In the past few weeks, we’ve written a number of posts on the importance of increasing student instructional time. We’re not alone in recognizing the urgency of keeping the educational spigot on during the summer months. Here’s yet another voice – LZ Granderson – calling for a greater emphasis on the amount of time students spend learning. Granderson does a nice job rounding up the current thinking on the importance of year round learning and even references Harris Cooper’s work on summer loss. Cooper has argued that the cessation of learning during the summer months has a devastating long-term impact on a student’s overall academic future. Our own Malbert Smith has made similar arguments and offered a number of ways to curb the effects of the academic loss that occurs each summer.
Granderson argues that the traditional school calendar was built around cultural and economic needs that may no longer be applicable:
…the reason for summer vacations in the first place was that little Johnny was needed in the fields to help the family during growing season. Today more people live in cities than they do in rural areas, and that farming structure has been obsolete for some time. If our kids aren’t working on the farm all summer long, what are they doing?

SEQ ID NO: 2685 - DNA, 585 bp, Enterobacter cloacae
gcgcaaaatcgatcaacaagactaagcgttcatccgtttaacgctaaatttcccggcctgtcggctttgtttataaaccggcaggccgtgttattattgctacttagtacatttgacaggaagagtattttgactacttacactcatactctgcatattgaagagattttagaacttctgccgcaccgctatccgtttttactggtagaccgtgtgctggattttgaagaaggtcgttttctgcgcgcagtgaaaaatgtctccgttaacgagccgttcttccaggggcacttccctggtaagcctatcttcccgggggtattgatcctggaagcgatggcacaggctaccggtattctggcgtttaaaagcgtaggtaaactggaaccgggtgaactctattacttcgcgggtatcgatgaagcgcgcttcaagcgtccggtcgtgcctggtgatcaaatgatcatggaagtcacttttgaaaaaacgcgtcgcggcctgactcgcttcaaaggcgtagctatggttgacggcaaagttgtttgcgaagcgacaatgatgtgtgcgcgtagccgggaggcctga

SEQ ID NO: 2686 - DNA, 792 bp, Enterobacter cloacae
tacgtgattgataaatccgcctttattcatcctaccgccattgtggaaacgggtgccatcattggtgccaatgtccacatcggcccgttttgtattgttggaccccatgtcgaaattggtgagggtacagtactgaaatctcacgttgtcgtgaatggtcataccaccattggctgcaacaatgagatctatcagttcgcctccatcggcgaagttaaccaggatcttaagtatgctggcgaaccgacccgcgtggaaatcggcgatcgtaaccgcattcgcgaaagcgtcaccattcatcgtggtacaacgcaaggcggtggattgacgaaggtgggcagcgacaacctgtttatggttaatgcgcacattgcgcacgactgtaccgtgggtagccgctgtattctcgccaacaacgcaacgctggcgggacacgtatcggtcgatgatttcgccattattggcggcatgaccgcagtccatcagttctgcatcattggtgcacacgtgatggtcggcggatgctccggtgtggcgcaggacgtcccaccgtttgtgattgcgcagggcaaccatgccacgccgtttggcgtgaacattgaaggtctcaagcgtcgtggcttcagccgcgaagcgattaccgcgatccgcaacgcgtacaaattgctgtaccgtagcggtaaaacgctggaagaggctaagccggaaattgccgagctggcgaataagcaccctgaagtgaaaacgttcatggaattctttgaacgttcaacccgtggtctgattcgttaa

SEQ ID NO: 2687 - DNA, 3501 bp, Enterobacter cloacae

Granderson has a point. At 180 days, the U.S. has one of the shortest school years of the PISA countries. By way of comparison, Finland has just a few more at 190 days, while South Korean students are in school 40 days longer than their American counterparts!
In the meantime – until efforts to secure increased instructional time take hold as part of most education reform agendas – there are other resources to help keep students engaged over the summer. Tools like Lexile Find a Book allow students to select books on topics of their choice and at their targeted reading level. And because Find a Book is linked to public libraries, all students have a chance to access targeted reading material over the summer. Tools like Math at Home allow students to access free math resources to supplement and reinforce their math lessons from the previous year. The amount of math learning loss that occurs each summer (students rarely do any math instruction over the summer) is pronounced and found across the socio-economic spectrum. Math at Home aims to curb the impact of that loss by matching students to targeted math resources that reinforce the lessons of the previous school year.
These tools are free and easy to use. Be sure to take a look.